In mid-September the word spread from alley to alley wherever the major leaguers rolled: Mort Lindsey was gravely ill. His spectacular bowling career, spanning more than half a century, seemed about to end. But two weeks later Mort was back at the lanes practicing for his 44th appearance in the annual American Bowling Congress championships. He hopes to set another record this year at Fort Wayne.
"I guess the report about my illness was my fault," Lindsey said a few days ago, as he piled three heavy morocco-bound scrapbooks on his table at the Roger Smith Hotel here. "I went to the hospital for a checkup and in between playing gin rummy with my nurse I telephoned some old friends. The harder I tried to convince them I was O.K., the more certain they became that I had one foot in the grave."
The old-timers should have known better. They should have remembered his 20-game match against Jimmy Smith, then U.S. champion, in 1922 at Dwyer's lanes in New York. Going into the final game Lindsey was 88 pins behind. Everyone considered the contest over. But Mort came through with 299 to win by 11 pins.
Then there was his sensational duel in 1929 with the late Billy Knox, first man to roll 300 in the A.B.C. More than $5,000 was wagered on the 60-game, home-and-home event. In the last frame of the 60th game at Knox's alleys in Philadelphia, Lindsey needed three strikes for victory. He got them with three pocket hits.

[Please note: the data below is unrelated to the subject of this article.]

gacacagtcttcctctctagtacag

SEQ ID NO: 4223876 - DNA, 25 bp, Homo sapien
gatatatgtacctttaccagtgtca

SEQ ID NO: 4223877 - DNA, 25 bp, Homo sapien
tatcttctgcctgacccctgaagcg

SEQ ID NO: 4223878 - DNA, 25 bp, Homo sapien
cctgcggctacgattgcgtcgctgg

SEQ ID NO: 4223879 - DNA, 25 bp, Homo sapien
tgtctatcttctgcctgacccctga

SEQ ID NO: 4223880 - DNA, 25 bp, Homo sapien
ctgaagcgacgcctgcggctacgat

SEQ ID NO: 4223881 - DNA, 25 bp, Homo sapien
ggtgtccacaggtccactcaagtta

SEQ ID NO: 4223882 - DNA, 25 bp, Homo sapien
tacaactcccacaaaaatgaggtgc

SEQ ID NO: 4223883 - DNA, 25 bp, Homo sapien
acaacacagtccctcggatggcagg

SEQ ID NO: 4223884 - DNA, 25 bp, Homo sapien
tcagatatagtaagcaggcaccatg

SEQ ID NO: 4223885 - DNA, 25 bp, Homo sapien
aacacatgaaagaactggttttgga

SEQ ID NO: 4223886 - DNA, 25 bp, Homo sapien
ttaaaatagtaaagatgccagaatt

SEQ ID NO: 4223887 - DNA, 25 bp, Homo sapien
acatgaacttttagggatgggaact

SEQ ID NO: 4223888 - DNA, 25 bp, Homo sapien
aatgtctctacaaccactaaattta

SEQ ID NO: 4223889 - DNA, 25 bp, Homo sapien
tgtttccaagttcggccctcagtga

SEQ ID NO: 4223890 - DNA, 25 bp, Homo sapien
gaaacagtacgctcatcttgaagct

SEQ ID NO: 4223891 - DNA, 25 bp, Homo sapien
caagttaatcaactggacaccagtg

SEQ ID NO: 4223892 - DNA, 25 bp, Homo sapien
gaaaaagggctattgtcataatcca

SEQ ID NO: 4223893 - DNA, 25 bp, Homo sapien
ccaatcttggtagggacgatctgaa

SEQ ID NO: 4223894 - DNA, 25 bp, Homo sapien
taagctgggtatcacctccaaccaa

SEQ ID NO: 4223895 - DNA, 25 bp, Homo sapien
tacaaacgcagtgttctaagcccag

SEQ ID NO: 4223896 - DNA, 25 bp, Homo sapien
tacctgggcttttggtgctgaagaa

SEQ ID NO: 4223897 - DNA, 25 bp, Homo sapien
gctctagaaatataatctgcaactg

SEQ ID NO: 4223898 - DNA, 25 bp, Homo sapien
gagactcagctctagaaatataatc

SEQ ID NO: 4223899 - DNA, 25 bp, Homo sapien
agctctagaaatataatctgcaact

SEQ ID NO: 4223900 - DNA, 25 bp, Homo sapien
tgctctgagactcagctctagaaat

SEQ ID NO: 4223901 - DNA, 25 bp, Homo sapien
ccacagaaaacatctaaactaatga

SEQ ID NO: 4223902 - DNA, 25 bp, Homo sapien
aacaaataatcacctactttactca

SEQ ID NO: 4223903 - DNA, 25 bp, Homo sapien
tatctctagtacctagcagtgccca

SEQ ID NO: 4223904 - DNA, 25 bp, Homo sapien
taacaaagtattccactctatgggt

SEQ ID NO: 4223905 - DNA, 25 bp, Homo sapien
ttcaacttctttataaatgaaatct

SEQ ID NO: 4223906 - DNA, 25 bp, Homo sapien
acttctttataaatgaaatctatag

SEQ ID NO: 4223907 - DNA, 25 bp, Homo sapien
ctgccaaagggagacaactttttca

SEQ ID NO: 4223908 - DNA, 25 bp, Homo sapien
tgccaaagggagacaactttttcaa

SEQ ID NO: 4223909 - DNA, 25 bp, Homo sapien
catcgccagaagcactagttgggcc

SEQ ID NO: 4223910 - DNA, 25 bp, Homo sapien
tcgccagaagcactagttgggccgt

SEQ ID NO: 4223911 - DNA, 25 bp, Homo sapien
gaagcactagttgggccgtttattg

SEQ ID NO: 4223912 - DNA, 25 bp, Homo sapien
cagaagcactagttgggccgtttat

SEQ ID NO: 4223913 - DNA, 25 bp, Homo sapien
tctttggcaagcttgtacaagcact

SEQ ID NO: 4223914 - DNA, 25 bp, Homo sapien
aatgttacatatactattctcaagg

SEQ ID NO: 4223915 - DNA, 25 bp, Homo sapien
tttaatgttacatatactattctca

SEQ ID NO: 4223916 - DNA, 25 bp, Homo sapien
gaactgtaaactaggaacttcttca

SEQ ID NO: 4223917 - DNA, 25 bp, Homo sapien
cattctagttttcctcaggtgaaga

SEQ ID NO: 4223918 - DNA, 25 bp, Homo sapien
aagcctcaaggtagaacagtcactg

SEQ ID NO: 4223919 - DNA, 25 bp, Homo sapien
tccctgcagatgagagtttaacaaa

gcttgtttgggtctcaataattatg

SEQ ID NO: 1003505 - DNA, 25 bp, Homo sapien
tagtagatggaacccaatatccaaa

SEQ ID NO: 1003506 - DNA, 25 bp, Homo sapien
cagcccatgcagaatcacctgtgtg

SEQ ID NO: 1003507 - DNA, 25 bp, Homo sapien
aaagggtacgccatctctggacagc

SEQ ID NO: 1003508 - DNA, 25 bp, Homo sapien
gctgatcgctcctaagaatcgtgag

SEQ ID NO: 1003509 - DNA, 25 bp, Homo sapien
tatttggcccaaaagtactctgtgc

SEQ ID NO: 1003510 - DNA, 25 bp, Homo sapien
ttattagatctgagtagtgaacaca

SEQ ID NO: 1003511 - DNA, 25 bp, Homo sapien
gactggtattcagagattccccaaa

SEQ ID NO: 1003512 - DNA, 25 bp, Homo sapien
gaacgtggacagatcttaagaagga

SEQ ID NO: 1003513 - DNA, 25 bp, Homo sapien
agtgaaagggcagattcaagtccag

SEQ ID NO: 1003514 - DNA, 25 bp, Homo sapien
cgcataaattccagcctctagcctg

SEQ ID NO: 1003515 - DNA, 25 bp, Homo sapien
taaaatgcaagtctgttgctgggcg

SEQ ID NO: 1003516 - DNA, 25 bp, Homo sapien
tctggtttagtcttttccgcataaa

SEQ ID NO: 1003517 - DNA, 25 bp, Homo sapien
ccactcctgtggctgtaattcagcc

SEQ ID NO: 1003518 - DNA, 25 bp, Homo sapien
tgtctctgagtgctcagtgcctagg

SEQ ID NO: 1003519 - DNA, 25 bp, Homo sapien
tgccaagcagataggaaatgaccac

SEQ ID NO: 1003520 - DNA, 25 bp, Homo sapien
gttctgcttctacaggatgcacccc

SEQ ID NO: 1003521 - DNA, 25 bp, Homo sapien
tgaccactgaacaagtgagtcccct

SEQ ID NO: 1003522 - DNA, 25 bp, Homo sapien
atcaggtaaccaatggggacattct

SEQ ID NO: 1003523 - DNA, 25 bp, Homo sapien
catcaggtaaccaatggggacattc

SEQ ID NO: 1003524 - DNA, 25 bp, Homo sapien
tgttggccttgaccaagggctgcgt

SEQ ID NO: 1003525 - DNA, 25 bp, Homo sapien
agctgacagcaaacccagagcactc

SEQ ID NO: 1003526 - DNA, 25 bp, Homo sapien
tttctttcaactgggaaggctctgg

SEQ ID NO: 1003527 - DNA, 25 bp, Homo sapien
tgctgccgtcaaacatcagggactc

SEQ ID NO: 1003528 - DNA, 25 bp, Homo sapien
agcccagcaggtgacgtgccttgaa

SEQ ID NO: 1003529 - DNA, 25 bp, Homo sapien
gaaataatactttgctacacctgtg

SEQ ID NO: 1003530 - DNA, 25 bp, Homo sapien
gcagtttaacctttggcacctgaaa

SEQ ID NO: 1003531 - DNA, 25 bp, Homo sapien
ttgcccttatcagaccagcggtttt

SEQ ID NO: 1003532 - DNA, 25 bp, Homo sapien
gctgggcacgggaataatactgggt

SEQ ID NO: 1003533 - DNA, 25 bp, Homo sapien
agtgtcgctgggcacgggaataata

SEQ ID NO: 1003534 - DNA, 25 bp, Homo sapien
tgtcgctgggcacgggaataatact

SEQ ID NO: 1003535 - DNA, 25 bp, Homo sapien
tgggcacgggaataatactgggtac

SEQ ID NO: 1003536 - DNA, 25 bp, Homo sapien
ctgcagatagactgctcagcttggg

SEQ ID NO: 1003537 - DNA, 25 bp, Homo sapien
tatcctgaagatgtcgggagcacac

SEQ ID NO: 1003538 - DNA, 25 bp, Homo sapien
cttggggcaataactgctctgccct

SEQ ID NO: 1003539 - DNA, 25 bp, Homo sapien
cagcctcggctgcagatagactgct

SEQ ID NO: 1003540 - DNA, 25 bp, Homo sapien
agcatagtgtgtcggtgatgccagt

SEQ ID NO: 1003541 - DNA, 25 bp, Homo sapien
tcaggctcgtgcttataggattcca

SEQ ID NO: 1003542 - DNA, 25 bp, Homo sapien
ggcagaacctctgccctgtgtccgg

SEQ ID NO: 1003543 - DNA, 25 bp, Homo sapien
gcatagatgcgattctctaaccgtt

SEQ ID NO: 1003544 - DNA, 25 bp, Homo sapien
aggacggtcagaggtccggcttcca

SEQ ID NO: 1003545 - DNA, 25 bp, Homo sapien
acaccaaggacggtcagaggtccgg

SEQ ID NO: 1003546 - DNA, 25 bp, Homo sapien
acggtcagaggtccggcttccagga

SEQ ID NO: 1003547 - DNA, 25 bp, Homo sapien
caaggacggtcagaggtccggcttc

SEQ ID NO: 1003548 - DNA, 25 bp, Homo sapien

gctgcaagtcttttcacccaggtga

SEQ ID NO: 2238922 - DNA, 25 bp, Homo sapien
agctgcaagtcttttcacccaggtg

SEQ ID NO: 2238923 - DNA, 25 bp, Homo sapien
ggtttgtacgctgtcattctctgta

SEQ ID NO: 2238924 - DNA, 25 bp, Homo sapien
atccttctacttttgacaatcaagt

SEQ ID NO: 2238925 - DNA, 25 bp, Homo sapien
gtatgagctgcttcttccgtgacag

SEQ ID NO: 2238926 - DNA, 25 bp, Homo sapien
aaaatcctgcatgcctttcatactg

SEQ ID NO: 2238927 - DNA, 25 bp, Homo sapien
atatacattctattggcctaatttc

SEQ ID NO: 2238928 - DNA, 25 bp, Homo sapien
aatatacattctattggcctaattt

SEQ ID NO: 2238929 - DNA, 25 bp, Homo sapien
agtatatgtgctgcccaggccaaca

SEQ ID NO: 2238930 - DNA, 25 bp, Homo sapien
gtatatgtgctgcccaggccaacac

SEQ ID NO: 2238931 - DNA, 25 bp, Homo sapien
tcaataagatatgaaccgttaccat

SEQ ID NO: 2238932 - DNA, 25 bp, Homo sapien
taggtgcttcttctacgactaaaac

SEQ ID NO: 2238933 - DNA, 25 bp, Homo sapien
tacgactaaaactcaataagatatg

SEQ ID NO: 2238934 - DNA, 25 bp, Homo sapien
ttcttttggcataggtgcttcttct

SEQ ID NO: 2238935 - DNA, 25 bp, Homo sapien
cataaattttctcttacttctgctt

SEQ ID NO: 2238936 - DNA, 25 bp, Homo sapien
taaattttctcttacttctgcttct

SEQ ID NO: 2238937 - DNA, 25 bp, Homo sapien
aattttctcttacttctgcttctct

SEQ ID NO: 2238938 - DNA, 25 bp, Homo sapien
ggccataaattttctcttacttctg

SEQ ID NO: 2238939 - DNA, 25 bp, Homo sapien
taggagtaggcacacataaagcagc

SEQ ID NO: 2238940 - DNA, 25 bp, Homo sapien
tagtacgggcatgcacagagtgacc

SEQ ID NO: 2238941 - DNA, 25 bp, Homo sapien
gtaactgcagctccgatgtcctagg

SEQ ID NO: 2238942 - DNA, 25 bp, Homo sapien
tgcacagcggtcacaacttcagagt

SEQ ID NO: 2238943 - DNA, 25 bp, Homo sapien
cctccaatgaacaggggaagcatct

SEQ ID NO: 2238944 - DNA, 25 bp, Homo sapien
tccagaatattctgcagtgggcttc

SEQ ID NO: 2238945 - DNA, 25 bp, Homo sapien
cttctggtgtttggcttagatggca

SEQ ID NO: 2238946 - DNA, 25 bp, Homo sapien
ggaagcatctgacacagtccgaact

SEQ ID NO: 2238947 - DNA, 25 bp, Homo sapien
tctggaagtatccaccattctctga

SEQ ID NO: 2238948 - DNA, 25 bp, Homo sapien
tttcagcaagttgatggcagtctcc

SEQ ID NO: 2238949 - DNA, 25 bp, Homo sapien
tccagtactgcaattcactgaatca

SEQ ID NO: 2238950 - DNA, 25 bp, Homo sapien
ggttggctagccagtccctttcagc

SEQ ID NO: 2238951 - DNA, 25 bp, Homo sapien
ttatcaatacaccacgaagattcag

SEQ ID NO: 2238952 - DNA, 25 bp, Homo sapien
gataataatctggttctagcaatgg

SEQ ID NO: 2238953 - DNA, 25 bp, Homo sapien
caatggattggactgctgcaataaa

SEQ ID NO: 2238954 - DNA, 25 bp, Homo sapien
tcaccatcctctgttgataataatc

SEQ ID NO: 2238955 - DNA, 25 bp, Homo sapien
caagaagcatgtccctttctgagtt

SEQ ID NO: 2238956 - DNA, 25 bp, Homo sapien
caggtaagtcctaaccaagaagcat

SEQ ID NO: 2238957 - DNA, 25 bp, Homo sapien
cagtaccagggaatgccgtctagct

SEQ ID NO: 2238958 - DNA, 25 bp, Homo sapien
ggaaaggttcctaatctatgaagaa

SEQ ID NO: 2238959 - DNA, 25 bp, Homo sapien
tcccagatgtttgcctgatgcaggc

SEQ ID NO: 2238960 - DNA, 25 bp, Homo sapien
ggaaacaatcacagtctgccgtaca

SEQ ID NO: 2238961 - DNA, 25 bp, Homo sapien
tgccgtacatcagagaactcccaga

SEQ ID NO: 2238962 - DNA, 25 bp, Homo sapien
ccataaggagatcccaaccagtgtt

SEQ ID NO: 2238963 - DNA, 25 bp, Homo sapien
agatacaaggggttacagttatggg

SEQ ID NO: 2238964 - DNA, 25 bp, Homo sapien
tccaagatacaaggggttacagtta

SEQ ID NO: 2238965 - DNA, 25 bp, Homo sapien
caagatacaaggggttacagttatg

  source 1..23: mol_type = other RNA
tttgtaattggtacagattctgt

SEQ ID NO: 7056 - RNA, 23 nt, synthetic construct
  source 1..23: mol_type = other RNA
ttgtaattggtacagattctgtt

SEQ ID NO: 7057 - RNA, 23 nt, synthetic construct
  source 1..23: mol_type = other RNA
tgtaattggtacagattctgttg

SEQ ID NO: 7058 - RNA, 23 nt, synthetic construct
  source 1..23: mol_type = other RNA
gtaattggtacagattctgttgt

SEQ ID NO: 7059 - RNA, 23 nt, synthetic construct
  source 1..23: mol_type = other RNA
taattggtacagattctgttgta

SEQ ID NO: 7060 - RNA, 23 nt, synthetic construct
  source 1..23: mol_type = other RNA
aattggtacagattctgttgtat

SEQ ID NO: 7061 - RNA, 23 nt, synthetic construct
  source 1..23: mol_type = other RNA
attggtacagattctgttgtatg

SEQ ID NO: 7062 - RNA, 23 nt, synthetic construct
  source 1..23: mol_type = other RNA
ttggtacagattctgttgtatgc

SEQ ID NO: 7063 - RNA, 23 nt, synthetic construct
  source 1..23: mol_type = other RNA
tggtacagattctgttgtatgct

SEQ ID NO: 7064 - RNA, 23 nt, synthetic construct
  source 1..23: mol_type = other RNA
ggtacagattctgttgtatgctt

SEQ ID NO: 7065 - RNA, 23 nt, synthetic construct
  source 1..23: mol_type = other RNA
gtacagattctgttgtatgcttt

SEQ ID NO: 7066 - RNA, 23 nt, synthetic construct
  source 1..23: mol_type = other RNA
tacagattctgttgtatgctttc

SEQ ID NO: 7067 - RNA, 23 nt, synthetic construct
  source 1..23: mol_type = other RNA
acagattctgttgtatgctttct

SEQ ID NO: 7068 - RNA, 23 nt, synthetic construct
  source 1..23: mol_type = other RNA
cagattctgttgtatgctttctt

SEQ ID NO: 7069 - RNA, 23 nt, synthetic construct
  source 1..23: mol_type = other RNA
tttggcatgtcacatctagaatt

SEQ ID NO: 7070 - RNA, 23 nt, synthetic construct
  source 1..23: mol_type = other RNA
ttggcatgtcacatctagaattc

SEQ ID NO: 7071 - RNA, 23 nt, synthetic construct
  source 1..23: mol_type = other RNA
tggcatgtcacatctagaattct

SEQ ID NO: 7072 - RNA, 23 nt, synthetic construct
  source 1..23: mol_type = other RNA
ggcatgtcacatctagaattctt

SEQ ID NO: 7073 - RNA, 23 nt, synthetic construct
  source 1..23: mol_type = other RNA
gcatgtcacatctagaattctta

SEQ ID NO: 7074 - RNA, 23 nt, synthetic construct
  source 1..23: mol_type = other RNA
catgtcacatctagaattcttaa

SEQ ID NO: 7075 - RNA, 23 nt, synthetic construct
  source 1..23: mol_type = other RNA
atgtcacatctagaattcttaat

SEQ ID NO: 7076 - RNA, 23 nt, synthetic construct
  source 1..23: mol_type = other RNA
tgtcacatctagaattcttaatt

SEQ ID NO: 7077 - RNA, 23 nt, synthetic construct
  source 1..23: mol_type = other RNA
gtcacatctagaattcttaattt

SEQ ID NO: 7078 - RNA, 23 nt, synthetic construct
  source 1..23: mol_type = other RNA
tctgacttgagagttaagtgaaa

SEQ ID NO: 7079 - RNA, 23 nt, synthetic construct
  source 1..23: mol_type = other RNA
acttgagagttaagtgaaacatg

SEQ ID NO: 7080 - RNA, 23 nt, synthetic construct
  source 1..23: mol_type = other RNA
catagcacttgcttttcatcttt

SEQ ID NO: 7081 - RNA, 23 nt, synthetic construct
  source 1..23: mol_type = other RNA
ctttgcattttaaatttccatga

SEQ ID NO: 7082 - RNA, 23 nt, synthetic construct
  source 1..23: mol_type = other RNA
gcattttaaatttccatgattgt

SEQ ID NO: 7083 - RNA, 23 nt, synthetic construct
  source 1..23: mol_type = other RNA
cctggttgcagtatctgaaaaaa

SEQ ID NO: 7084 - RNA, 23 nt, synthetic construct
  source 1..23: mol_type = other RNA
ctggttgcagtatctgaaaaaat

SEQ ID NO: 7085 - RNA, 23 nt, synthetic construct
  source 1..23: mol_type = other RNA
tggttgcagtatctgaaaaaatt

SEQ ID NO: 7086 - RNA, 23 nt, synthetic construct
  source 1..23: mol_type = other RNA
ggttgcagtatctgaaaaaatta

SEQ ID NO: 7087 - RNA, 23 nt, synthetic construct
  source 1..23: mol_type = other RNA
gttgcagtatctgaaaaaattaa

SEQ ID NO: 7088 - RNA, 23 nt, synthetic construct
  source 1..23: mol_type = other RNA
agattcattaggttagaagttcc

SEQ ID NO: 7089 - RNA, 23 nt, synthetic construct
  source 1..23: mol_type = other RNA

A GREAT MONEY BOWLER
In country-wide tours, taking on most of the nation's best at their home lanes, Lindsey became known as one of the greatest money bowlers of all time. As late as 1952, shortly after his 64th birthday, he came from behind to win $1,500 in the Bowlers Journal Sweepstakes.
Such a man, the old-timers should have realized, would not quit as long as he had a chance to attain his supreme ambition: the highest lifetime pin total in A.B.C. history. He is currently in fifth place, although his 194 average for 43 tournaments is by far the best among the four-decade men. In first place is Harry Steers, 74, of Elmhurst, Ill., who has bowled in 49 A.B.C.'s.
To beat Steers's total of 82,672 pins (188 average) Lindsey, who has rolled up 71,135 pins, would have to compete at least six more years. He will be 66 in December, but this night at the Roger Smith, his large, oval face beaming as he relived some of the great moments of the past, he felt confident that "the odds against me aren't too big." He had rolled 213-570 in his league the night before in Chester, N.Y.
"THE LINDSEY STORY"